14 January 2014

The Pinwheel galaxy. NASA/ESA/NOAO/AURA/NSF
The Pinwheel galaxy.

Our Milky Way galaxy is a spiral galaxy. So are several galaxies in our neighborhood, like Andromeda, Triangulum, and the Pinwheel galaxy (seen above). About 70 percent of the galaxies in our corner of the universe are spiral galaxies.

Our general understanding of galaxy formation is that they begin rather irregular in shape as they form, and over time form their spiral shape. We know, for example, that a kind of stellar traffic jam known as matter waves can cause spiral arms to retain their shape even though individual stars move in and out of spiral arms. We also have computer simulations that show how galaxies can evolve from irregular forms to disks, and from disks to spiral galaxies.

One of the big questions regarding the formation of spiral galaxies has been whether spiral galaxies are stable in their form, or (barring collisions) do they move away from a spiral shape over time. Most computer simulations indicate that spiral galaxies are stable, but other models are less certain. So it would be good to have some observational data to determine which is correct.

In recent years we’ve started getting enough data on galaxies to show that spiral galaxies are stable. For example, a recent paper in the Astrophysical Journal looked at the shapes of galaxies at different redshifts (and therefore different distances).1 Since light has a finite speed, the more distant a galaxy the older the light from that galaxy is. So by studying galaxies at different distances, you are also studying galaxies of different ages.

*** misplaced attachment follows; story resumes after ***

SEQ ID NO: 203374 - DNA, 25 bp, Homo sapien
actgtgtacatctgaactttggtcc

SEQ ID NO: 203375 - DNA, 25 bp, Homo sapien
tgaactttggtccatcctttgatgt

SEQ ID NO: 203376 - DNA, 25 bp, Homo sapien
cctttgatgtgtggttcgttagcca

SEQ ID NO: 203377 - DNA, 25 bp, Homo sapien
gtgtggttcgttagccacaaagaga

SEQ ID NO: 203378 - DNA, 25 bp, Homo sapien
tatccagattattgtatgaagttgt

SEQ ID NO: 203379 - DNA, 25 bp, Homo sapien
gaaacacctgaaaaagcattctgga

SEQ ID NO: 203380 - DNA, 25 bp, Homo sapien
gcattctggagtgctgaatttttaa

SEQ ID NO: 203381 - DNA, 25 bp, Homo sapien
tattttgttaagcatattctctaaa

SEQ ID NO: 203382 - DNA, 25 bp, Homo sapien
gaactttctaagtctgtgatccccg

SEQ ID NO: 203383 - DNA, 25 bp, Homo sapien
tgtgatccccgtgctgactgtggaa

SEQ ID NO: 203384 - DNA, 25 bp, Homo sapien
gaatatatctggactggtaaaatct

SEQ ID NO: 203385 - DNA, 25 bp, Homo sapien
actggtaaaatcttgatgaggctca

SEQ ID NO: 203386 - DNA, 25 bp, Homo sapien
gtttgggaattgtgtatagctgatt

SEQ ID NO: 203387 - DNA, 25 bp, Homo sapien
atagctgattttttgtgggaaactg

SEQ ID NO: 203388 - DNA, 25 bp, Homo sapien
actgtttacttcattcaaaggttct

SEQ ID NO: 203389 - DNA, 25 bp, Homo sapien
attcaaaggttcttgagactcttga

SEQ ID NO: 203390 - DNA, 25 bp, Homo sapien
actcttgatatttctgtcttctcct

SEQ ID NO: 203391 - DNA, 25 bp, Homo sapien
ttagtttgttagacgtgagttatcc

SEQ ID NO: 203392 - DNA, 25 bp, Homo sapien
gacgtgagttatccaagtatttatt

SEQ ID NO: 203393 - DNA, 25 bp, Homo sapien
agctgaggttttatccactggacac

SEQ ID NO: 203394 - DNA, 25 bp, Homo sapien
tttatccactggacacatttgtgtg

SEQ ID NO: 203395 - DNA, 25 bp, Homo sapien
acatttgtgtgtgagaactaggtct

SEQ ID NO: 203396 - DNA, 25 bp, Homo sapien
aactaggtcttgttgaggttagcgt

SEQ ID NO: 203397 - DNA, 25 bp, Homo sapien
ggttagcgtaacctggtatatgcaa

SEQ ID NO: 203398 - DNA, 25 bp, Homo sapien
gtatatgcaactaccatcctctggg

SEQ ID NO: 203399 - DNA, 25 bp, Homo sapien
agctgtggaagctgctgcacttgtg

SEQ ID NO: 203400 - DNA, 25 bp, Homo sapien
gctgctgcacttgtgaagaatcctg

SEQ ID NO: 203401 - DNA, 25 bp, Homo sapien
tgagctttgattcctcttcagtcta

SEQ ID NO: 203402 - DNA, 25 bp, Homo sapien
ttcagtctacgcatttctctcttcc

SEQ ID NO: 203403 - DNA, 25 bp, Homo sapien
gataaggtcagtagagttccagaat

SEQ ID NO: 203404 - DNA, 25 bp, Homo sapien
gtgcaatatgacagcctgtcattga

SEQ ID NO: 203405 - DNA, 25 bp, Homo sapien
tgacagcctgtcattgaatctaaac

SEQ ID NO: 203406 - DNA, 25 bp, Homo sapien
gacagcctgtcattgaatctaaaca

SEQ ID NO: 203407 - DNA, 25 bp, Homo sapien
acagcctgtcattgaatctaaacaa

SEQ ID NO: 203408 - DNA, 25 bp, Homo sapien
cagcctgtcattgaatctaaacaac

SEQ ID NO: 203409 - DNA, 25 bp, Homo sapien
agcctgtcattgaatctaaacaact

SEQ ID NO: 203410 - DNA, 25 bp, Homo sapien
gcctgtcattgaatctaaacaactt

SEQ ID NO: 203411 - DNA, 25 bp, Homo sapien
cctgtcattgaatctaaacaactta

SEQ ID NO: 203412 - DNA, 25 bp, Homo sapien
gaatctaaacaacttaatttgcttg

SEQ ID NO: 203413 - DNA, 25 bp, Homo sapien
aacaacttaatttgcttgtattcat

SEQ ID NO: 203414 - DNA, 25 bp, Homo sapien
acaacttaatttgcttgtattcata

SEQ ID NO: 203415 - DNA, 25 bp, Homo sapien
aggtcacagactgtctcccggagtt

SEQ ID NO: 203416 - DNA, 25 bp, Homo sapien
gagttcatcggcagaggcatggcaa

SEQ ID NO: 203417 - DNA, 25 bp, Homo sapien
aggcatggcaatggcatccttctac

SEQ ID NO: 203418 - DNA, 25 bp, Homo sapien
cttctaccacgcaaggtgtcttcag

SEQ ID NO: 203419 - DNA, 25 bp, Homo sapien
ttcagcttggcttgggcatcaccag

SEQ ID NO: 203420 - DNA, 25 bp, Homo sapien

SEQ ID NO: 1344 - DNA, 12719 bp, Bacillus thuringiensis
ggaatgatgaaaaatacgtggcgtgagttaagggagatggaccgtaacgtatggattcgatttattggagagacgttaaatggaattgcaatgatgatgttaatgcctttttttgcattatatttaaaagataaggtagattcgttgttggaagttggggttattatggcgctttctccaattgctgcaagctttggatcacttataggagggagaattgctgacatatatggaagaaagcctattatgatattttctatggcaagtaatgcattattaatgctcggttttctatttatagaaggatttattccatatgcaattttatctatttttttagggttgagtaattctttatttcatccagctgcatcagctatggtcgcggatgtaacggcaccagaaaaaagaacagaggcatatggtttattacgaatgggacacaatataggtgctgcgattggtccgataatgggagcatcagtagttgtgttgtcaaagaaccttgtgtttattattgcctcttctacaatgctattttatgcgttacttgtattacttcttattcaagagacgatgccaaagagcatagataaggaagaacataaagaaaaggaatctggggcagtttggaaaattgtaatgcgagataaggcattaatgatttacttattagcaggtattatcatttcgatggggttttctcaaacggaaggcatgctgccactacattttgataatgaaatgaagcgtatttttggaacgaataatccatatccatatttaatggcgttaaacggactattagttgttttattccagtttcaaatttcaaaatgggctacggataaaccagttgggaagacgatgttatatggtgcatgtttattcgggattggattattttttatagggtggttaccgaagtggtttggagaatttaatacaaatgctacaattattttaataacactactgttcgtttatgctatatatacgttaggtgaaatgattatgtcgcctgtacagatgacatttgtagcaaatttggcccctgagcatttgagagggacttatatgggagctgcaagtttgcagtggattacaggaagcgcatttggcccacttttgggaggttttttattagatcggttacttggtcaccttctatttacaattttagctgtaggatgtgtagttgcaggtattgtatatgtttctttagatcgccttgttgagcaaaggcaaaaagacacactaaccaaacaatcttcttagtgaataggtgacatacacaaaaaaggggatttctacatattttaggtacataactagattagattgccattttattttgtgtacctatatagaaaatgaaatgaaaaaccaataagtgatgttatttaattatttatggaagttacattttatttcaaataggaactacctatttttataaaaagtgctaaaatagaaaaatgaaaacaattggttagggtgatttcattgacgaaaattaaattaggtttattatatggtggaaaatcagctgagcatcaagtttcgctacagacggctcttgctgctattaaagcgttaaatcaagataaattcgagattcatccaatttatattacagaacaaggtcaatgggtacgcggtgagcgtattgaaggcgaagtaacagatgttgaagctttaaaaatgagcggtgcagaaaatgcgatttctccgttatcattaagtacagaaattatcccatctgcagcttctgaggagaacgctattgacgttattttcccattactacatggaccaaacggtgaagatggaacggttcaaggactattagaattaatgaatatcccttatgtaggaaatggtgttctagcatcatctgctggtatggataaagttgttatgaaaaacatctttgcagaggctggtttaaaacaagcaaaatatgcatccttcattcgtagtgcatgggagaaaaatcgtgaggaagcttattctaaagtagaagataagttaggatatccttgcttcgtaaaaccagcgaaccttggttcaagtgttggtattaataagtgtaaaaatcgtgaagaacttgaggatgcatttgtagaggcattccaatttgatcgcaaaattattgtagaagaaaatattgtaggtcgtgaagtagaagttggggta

While determining the shape of different galaxies might seem pretty straight forward, it isn’t. Very few galaxies have a top down view such as the Pinwheel galaxy below. Usually galaxies are tilted at some angle relative to us, so the authors had to take the galaxy images and calculate what their shapes would be if viewed from above.

What they found was by a redshift of z = 1.8 (about 10 billion years ago) many galaxies already had a “grand design” shape, meaning they had two main spiral arms. By z = 1.4 (about 9 billion years ago) spiral galaxies begin to be fairly common. Moving ever closer, the fraction of spirals tends to increase. This implies that galaxies can form to clumpy disks, then becoming spiral galaxies that remain stable over cosmic periods.

So our galaxy will be a spiral galaxy for quite some time (at least until Andromeda collides with it in about 4 billion years).

  1. Elmegreen, Debra Meloy, and Bruce G. Elmegreen. “The onset of spiral structure in the universe.” The Astrophysical Journal 781.1 (2013): 11. ↩︎